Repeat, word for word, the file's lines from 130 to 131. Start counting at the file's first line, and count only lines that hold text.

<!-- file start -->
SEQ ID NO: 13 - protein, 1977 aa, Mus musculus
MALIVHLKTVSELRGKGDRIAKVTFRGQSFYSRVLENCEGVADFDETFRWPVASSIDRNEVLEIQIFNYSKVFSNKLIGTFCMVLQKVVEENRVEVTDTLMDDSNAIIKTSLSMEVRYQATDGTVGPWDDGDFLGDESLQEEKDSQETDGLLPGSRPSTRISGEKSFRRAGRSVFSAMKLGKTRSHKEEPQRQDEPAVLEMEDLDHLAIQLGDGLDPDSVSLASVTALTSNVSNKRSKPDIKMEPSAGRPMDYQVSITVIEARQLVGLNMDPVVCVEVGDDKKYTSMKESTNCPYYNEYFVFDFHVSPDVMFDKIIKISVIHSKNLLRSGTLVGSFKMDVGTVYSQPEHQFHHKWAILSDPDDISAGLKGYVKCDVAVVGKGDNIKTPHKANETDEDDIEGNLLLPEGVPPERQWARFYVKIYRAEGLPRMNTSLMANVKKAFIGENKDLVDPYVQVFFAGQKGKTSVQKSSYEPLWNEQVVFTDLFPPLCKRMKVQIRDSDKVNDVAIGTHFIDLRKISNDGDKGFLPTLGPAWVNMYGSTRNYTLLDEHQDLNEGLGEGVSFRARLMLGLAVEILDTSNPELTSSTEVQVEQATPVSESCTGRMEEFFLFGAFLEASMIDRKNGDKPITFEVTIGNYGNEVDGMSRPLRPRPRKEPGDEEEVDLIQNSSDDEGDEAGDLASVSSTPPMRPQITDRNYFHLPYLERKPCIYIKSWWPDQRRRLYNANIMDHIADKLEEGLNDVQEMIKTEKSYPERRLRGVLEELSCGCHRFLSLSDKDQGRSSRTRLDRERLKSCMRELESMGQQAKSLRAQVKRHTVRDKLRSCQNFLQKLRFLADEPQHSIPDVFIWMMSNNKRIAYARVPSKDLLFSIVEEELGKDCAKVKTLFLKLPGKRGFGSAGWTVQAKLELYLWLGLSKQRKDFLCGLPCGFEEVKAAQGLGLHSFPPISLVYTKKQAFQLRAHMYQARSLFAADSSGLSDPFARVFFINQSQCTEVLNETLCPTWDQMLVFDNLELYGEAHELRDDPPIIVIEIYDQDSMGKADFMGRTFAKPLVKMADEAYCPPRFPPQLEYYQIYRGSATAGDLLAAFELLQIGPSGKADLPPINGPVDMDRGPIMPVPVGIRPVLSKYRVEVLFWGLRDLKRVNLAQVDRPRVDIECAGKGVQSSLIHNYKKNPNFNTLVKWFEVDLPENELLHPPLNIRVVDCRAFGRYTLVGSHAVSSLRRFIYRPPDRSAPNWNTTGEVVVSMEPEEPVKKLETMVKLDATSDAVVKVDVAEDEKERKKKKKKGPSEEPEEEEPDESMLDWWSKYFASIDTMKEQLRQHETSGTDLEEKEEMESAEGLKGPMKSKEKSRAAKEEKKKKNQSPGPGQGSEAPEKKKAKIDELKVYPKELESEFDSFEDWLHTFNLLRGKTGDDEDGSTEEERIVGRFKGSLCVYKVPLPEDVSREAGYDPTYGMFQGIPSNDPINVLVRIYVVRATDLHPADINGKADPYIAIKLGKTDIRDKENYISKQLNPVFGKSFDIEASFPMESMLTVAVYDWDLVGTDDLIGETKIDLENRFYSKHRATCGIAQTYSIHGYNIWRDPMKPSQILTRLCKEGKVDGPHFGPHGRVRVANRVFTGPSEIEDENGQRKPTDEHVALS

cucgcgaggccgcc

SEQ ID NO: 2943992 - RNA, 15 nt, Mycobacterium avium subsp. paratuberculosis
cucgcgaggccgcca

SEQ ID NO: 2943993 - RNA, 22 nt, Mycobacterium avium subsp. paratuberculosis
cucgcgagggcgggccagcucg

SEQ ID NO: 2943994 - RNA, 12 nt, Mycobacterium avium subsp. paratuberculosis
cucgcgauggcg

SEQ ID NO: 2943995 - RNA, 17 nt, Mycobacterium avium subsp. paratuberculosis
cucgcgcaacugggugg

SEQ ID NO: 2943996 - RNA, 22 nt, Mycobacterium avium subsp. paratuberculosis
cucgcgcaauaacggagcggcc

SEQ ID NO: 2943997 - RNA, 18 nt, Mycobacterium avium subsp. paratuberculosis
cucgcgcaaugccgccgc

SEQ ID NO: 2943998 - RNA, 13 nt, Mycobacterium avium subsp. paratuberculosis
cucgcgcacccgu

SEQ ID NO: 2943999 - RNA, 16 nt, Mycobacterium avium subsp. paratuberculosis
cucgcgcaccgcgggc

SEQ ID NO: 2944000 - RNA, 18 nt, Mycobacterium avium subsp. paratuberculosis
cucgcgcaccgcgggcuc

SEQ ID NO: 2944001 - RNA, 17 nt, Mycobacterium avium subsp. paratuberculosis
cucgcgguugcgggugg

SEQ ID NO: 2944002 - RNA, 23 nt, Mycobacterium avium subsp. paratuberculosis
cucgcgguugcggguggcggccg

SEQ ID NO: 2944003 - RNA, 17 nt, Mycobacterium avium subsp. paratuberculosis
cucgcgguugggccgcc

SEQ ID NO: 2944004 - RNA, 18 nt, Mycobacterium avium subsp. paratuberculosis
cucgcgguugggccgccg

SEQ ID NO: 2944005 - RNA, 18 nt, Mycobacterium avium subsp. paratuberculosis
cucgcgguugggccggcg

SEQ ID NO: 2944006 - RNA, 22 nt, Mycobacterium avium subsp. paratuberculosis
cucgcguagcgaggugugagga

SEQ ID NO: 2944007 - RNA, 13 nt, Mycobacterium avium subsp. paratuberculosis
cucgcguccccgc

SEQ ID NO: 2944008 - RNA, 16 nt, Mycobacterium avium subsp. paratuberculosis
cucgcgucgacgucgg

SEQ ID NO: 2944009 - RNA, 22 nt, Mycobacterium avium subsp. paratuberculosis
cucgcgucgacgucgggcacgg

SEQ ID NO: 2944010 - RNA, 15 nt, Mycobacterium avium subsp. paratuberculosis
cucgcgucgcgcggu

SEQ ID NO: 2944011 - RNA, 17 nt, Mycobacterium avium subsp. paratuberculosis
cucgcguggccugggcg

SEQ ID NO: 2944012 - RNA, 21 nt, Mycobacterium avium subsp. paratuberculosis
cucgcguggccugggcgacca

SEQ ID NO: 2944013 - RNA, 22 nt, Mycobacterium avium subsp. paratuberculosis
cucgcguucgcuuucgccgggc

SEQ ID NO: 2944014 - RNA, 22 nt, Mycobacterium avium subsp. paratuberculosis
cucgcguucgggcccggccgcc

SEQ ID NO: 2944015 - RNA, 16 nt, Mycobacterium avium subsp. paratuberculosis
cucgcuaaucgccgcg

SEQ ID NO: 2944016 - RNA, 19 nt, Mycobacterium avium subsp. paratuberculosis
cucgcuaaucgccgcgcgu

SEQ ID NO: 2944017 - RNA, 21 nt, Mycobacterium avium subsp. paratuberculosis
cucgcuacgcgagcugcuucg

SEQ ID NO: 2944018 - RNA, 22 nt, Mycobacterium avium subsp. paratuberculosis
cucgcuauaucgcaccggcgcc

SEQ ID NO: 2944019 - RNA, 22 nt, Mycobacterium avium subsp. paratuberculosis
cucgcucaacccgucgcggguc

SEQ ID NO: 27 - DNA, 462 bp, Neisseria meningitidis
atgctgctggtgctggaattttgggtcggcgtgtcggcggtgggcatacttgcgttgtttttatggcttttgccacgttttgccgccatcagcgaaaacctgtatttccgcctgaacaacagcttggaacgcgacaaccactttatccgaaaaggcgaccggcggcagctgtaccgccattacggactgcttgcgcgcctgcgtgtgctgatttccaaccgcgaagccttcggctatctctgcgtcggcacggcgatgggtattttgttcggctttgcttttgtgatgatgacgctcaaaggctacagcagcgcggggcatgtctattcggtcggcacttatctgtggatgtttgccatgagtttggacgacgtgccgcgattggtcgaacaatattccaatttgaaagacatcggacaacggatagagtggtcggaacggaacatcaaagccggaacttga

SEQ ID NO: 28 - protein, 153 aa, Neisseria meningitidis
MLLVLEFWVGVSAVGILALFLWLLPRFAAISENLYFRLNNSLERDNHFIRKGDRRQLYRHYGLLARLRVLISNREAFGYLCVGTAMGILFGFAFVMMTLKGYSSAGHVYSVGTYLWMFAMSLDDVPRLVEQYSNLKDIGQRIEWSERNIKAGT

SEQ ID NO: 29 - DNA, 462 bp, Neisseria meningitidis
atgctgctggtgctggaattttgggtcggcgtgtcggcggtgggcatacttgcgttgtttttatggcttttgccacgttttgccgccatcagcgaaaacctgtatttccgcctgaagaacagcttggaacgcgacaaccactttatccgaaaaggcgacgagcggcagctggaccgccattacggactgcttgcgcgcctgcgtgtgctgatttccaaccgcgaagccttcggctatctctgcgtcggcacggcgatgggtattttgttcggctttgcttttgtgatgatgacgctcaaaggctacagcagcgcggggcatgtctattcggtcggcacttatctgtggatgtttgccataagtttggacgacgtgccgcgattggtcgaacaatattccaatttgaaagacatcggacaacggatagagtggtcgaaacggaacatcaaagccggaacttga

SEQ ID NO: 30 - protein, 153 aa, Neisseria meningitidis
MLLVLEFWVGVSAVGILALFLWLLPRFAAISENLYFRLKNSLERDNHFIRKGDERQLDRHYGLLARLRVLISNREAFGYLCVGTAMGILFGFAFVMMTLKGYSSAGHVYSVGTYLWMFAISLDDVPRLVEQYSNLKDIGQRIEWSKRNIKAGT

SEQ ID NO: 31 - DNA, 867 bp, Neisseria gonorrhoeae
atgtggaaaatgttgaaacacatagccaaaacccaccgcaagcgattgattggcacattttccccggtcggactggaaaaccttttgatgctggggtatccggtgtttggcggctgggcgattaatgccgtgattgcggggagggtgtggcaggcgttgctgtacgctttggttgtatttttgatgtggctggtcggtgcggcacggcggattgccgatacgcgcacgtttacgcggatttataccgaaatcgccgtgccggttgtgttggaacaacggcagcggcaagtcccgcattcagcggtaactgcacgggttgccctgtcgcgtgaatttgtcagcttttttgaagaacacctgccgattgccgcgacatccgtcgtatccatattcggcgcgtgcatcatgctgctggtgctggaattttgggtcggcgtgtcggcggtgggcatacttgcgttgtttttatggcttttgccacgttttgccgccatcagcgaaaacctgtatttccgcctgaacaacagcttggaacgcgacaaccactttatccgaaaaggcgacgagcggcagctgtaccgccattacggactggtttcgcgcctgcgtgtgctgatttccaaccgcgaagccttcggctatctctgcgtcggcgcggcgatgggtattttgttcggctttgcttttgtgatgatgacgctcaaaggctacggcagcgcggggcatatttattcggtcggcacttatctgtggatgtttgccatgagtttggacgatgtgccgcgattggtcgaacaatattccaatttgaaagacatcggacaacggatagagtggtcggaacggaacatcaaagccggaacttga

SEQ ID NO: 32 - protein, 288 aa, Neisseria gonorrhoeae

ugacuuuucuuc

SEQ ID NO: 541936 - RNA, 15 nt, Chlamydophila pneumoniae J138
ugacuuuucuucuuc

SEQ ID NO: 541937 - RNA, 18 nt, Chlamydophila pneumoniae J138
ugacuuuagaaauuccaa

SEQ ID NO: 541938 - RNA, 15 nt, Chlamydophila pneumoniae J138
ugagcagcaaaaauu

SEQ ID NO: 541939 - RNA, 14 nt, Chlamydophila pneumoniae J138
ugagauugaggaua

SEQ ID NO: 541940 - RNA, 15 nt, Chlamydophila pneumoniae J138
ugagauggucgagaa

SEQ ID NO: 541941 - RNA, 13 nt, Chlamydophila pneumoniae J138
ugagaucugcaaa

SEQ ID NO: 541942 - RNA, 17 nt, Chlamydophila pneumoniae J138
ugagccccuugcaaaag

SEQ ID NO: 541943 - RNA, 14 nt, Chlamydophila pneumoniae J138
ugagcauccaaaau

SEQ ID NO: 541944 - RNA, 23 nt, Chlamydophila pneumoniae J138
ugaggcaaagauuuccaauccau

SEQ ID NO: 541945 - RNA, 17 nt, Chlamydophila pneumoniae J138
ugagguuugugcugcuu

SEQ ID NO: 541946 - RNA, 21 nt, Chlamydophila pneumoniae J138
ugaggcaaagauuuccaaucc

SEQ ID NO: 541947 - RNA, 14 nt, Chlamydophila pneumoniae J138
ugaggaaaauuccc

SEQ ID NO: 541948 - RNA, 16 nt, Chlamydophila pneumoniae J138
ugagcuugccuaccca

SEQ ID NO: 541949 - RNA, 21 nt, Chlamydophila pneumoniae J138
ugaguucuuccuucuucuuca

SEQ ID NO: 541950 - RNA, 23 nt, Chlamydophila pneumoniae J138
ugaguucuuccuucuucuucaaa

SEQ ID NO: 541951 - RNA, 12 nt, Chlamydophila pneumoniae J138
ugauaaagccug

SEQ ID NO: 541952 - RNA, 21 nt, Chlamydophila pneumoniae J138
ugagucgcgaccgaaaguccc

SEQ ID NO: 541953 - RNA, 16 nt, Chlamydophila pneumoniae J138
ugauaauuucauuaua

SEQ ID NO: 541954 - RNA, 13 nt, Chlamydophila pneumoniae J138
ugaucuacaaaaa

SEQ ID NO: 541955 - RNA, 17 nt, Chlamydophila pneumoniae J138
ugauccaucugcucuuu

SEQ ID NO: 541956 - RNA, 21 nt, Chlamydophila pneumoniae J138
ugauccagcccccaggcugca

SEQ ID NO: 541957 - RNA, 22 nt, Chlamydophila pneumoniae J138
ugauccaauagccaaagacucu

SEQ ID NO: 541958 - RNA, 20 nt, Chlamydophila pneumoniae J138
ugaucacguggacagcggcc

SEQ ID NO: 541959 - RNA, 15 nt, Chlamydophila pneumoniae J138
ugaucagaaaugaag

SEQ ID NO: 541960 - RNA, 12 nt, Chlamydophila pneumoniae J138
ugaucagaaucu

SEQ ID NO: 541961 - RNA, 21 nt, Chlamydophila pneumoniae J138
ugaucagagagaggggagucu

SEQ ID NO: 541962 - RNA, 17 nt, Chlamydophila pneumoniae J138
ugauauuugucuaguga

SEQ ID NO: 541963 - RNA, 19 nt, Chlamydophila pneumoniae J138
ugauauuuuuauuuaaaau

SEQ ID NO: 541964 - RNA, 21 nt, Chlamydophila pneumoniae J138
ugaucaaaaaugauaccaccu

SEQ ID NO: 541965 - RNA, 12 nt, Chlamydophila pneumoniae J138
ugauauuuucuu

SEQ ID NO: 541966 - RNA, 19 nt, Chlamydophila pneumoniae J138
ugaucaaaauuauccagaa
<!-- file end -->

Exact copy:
SEQ ID NO: 541965 - RNA, 12 nt, Chlamydophila pneumoniae J138
ugauauuuucuu